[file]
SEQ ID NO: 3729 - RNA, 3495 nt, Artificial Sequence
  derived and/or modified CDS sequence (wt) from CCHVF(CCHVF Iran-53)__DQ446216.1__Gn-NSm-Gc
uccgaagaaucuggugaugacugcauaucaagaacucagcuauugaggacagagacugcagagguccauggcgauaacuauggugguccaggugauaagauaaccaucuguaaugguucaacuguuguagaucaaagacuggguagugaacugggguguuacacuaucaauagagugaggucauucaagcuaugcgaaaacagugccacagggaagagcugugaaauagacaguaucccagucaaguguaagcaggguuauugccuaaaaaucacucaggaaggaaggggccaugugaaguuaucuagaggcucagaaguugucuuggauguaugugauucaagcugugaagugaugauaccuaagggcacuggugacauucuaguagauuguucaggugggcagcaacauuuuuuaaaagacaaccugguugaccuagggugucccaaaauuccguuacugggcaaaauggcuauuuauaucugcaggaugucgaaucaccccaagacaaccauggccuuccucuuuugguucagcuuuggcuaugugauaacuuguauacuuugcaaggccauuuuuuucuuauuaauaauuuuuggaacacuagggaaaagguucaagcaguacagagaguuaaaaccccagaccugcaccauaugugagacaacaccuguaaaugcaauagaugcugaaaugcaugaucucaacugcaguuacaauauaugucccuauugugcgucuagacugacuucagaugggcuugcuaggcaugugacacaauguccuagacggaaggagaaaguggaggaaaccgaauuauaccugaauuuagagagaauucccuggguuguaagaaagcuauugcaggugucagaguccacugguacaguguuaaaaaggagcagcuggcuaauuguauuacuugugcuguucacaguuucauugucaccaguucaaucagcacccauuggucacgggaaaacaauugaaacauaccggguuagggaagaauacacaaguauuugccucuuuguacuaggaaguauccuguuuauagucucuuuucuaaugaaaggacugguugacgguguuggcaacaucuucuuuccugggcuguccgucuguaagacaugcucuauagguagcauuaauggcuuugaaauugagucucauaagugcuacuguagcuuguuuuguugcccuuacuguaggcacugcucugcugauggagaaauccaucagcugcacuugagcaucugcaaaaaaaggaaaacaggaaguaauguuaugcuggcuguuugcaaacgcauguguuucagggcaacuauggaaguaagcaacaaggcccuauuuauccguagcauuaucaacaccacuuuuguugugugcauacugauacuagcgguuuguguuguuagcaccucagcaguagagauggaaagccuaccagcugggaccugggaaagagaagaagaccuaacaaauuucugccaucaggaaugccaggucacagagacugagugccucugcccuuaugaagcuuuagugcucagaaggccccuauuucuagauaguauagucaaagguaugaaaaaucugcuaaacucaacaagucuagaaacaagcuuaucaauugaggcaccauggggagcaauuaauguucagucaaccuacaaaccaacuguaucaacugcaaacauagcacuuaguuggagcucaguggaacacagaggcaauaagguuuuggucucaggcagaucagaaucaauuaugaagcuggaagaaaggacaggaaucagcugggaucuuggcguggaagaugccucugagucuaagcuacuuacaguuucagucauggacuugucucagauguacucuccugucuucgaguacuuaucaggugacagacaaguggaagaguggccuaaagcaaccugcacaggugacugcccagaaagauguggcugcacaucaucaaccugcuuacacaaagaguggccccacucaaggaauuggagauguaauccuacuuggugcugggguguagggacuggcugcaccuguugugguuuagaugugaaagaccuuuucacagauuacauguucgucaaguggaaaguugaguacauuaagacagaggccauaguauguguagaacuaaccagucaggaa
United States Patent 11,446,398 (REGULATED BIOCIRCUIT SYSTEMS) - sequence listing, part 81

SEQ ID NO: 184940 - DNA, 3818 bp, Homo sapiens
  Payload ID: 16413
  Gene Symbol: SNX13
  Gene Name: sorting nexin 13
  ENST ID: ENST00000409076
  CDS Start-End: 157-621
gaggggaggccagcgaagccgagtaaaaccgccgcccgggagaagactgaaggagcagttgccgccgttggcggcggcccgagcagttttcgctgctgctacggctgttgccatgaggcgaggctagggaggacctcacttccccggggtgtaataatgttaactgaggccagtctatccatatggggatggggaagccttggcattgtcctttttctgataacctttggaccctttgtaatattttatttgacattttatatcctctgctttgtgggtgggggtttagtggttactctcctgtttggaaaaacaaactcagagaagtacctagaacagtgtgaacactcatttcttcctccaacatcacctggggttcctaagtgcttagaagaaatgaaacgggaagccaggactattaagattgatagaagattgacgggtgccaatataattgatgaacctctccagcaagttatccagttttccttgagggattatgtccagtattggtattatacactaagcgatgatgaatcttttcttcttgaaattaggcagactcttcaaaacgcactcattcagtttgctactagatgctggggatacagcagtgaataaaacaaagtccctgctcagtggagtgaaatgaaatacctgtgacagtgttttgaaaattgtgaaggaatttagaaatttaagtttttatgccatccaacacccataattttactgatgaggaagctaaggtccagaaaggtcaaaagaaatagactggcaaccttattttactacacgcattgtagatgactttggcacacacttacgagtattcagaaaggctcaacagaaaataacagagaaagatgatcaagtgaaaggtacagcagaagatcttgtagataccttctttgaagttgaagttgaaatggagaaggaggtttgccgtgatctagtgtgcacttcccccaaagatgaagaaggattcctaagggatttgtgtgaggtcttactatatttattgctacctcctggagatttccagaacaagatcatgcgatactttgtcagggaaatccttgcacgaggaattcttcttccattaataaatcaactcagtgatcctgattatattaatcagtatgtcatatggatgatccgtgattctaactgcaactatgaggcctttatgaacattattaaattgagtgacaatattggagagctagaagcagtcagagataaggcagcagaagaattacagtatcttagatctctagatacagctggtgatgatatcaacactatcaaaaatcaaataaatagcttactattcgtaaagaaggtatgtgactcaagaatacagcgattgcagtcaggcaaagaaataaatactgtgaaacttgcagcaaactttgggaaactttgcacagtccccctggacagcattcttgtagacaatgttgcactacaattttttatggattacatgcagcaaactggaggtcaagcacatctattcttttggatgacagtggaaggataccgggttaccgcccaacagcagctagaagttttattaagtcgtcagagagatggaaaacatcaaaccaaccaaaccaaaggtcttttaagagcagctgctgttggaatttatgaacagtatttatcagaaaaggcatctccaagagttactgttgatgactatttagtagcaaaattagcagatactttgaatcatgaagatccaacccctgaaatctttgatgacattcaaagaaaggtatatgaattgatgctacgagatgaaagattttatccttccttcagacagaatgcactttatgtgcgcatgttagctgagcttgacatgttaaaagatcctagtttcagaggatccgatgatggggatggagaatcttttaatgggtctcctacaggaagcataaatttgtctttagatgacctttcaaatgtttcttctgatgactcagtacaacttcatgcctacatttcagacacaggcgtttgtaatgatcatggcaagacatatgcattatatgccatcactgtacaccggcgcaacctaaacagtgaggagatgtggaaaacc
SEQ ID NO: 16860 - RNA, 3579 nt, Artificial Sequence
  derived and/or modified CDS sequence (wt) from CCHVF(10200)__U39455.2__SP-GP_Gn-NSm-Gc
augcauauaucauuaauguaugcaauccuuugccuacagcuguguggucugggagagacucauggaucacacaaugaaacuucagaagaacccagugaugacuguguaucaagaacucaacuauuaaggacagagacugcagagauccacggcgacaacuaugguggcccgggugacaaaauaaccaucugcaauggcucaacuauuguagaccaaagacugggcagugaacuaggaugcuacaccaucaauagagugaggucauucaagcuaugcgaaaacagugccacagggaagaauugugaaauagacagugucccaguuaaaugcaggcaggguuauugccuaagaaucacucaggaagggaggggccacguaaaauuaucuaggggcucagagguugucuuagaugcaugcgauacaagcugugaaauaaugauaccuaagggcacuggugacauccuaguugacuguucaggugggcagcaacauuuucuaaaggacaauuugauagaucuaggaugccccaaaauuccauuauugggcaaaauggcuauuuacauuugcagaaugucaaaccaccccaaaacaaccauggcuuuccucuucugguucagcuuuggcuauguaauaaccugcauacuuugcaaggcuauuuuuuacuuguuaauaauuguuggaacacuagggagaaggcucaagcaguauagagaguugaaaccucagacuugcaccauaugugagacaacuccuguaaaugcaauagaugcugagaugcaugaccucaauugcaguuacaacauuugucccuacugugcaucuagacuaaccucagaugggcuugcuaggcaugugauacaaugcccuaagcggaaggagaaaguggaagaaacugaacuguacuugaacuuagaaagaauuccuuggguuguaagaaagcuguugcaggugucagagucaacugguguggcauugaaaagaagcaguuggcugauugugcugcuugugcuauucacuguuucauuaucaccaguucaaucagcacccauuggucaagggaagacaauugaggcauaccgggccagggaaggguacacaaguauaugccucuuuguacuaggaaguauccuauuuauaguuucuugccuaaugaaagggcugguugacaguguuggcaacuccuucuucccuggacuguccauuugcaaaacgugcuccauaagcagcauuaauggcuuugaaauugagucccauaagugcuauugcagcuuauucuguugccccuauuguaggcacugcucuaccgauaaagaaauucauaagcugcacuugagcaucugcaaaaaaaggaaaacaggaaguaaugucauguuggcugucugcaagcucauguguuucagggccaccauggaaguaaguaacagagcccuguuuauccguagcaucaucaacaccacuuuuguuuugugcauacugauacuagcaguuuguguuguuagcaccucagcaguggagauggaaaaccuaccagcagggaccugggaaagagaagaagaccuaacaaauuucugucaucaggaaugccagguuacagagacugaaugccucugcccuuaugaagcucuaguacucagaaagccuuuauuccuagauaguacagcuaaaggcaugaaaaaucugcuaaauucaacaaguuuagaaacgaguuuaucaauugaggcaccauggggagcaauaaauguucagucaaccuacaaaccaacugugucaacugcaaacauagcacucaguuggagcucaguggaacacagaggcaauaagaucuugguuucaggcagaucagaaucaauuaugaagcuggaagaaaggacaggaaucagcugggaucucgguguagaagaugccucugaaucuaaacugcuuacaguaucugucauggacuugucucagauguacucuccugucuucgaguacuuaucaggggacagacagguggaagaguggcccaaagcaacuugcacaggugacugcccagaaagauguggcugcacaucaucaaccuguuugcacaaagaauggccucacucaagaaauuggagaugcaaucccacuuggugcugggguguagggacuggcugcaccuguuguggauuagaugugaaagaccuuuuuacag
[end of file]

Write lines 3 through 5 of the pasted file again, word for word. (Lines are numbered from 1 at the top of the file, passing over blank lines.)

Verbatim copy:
uccgaagaaucuggugaugacugcauaucaagaacucagcuauugaggacagagacugcagagguccauggcgauaacuauggugguccaggugauaagauaaccaucuguaaugguucaacuguuguagaucaaagacuggguagugaacugggguguuacacuaucaauagagugaggucauucaagcuaugcgaaaacagugccacagggaagagcugugaaauagacaguaucccagucaaguguaagcaggguuauugccuaaaaaucacucaggaaggaaggggccaugugaaguuaucuagaggcucagaaguugucuuggauguaugugauucaagcugugaagugaugauaccuaagggcacuggugacauucuaguagauuguucaggugggcagcaacauuuuuuaaaagacaaccugguugaccuagggugucccaaaauuccguuacugggcaaaauggcuauuuauaucugcaggaugucgaaucaccccaagacaaccauggccuuccucuuuugguucagcuuuggcuaugugauaacuuguauacuuugcaaggccauuuuuuucuuauuaauaauuuuuggaacacuagggaaaagguucaagcaguacagagaguuaaaaccccagaccugcaccauaugugagacaacaccuguaaaugcaauagaugcugaaaugcaugaucucaacugcaguuacaauauaugucccuauugugcgucuagacugacuucagaugggcuugcuaggcaugugacacaauguccuagacggaaggagaaaguggaggaaaccgaauuauaccugaauuuagagagaauucccuggguuguaagaaagcuauugcaggugucagaguccacugguacaguguuaaaaaggagcagcuggcuaauuguauuacuugugcuguucacaguuucauugucaccaguucaaucagcacccauuggucacgggaaaacaauugaaacauaccggguuagggaagaauacacaaguauuugccucuuuguacuaggaaguauccuguuuauagucucuuuucuaaugaaaggacugguugacgguguuggcaacaucuucuuuccugggcuguccgucuguaagacaugcucuauagguagcauuaauggcuuugaaauugagucucauaagugcuacuguagcuuguuuuguugcccuuacuguaggcacugcucugcugauggagaaauccaucagcugcacuugagcaucugcaaaaaaaggaaaacaggaaguaauguuaugcuggcuguuugcaaacgcauguguuucagggcaacuauggaaguaagcaacaaggcccuauuuauccguagcauuaucaacaccacuuuuguugugugcauacugauacuagcgguuuguguuguuagcaccucagcaguagagauggaaagccuaccagcugggaccugggaaagagaagaagaccuaacaaauuucugccaucaggaaugccaggucacagagacugagugccucugcccuuaugaagcuuuagugcucagaaggccccuauuucuagauaguauagucaaagguaugaaaaaucugcuaaacucaacaagucuagaaacaagcuuaucaauugaggcaccauggggagcaauuaauguucagucaaccuacaaaccaacuguaucaacugcaaacauagcacuuaguuggagcucaguggaacacagaggcaauaagguuuuggucucaggcagaucagaaucaauuaugaagcuggaagaaaggacaggaaucagcugggaucuuggcguggaagaugccucugagucuaagcuacuuacaguuucagucauggacuugucucagauguacucuccugucuucgaguacuuaucaggugacagacaaguggaagaguggccuaaagcaaccugcacaggugacugcccagaaagauguggcugcacaucaucaaccugcuuacacaaagaguggccccacucaaggaauuggagauguaauccuacuuggugcugggguguagggacuggcugcaccuguugugguuuagaugugaaagaccuuuucacagauuacauguucgucaaguggaaaguugaguacauuaagacagaggccauaguauguguagaacuaaccagucaggaa
United States Patent 11,446,398 (REGULATED BIOCIRCUIT SYSTEMS) - sequence listing, part 81

SEQ ID NO: 184940 - DNA, 3818 bp, Homo sapiens